Tag Archives: Transformers

Transformers, Issue One

I didn’t get Transformers Issue One when it was new. I turned six in 1984.

No, I had to hunt this thing down, later on.

I don’t remember the exact process, or even when I acquired it. 1990, 1991, probably? But I know what it was like to get my hands on this, and how it felt when I did.

For me, this was not only a quest years before searchable back issue catalogs on the Web. It was also a quest undertaken in a small town, years before I had even a student driver’s license. I wasn’t hunting through bins at comic book stores, or at conventions. These were the days of mail-order from catalogs.

I ordered comic books that way a number of times. I may even have tried to order Transformers #1 multiple times. These were the days when you wrote what you wanted on a form, and which grades were acceptable to you, then wrote alternate selections because what the store had at the time of printing their catalog changed, obviously, in the time that catalog traveled to you in the mail and your order traveled back to the store.

I know that I wanted this for a while, and getting it at last felt like a quest accomplished. In all seriousness it felt a bit like Bart and his friends staring with awe at Radioactive Man #1, the real thing.

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Megatron, as Futurist

A Mastodon thread considering the origin of the Transformers’ civil war, and comparing it with contemporary Anglo-American division, has been all kinds of fascinating fun.

My first response was that “the origin of the Cybertronian wars” presents a complicated premise for comment, because writers have told many different stories of that origin, over the decades. I can think of at least a handful, without even counting a 2010 novel apparently published as “the official history.” Given this, I thought it worth going back to the beginning, i.e. Issue One of Marvel’s comic book, probably the first published account of the war’s origin.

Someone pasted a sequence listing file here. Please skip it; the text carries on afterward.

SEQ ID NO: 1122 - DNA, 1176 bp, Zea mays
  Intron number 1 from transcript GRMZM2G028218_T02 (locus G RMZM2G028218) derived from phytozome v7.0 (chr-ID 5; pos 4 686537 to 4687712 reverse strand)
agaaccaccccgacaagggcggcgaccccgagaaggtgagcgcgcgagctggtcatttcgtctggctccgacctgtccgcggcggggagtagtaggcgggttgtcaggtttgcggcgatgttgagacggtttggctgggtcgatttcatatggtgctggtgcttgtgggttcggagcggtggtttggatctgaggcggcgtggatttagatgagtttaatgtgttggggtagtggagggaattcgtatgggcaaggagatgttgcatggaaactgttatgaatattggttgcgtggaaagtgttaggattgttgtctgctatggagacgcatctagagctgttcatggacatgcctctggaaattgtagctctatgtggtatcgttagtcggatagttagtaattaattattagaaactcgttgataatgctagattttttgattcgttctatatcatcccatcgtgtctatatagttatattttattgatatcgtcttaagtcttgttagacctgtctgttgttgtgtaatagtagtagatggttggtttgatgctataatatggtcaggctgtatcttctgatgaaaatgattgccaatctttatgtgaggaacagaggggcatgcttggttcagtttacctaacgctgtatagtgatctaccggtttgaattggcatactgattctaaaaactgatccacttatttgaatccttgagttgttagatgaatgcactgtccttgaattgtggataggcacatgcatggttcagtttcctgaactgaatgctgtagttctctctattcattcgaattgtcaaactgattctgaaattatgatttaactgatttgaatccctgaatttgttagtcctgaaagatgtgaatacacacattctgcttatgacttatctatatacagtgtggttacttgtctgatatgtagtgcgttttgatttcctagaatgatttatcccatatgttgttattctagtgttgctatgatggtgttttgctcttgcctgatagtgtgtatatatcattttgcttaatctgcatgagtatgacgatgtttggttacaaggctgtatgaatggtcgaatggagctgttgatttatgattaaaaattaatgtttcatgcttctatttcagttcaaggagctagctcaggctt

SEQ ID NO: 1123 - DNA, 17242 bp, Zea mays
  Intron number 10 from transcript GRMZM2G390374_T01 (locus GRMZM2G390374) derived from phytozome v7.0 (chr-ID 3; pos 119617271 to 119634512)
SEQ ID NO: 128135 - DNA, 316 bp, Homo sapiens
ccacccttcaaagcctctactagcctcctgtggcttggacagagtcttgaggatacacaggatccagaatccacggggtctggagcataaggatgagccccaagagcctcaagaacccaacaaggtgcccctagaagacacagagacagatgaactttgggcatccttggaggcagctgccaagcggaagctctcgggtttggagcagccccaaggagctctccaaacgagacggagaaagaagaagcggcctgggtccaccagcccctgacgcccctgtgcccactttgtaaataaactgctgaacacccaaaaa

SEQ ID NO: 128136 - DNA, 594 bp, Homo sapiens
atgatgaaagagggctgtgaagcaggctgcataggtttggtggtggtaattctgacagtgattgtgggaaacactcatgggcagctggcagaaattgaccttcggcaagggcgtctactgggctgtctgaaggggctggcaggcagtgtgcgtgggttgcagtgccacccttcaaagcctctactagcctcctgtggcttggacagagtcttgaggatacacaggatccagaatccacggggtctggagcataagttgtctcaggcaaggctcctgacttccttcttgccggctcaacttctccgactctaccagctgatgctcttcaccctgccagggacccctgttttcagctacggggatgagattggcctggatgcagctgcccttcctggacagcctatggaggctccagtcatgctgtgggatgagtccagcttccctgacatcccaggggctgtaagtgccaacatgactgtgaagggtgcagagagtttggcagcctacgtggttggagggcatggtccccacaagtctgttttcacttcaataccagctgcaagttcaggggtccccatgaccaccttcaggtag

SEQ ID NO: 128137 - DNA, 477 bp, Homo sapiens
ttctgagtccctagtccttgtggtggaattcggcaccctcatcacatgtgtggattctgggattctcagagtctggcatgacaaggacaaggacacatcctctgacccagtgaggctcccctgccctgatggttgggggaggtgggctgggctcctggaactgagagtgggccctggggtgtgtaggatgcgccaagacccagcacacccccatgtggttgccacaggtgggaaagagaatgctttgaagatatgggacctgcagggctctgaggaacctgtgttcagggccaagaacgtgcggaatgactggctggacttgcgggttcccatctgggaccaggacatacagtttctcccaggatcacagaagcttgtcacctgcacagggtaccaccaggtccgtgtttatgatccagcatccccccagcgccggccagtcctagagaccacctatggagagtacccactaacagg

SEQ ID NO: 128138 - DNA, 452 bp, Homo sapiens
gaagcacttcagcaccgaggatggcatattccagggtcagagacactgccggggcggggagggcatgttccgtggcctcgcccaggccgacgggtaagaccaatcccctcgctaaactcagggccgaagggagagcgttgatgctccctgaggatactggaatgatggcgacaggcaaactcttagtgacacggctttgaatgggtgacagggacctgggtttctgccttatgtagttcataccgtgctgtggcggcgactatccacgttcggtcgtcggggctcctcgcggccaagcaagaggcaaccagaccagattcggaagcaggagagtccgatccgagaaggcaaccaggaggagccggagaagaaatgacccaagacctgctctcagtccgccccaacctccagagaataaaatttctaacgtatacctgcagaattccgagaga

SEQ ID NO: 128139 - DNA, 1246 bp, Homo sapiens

I haven’t actually read this issue many times, and probably not in years, so a close read of the opening pages was actually quite interesting in this context. In the original account of how Transformers’ civil war began, Megatron and the Decepticons seem motivated by something quite a lot like Futurism.

Contrary to many later accounts, the Decepticons did not have anything like legitimate grievances from a liberal perspective. But they weren’t quite one-dimensional bad guys greedy for power, either.

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Transformers after three decades

A few weeks ago, the always observant xkcd introduced the instantly familiar concept of the “Timeghost.” These things have been haunting me for years, now, long before I had a name for them. I think the most consistently strange one year in and year out, so far, must however be Transformers: The Movie.

Get back to me in several more years, when Hill Valley of 2015 has also slid into the past, and it may have taken over. But at this point, the 20-years-from-now “two thousand fiiiiive” of my childhood has been behind me for most of a decade. As I probably watch this movie about once per year, I saw this weird reality creeping up even before that… and yet, viewing the movie again last night, I was still surprised by this most familiar Timeghost showing off a whole new trick. I’ve got to guestimate his age in TFTM, but it occurs to me that at this point, the Autobots’ boy sidekick Daniel Witwicky may very well be old enough to drink. Yeeesh. Pass that bottle over here Danny.

Meanwhile, this got me thinking yet again about how and why it is that at 36 years old, I’m still a fan of Transformers.

Section of Transformers toy catalog from 1985

I’ve go that guy in the upper-left, yes.

There are bigger fans out there, certainly. I haven’t bought a Transformer since the last century. But, I’ve been tempted, and I still have three or four of the things around here. I’ve got more than 100 Transformers comics, and those I occasionally still buy. I’ve got a Transformer web site bookmarked, and I still watch the flipping movie (which I must have seen two dozen times by now) once per year at least. At age 36. Can I account for this?

In one sense it isn’t difficult. The quick answer is “shameless, trashy nostalgia for happy associations with childhood” and that’s by no means wrong. If anyone has read this far but wants to bail out now, you won’t be missing any key points. That said, I feel like there has to be a bit more going on, if only to explain “why Transformers and why not other fascinations of my early life?”

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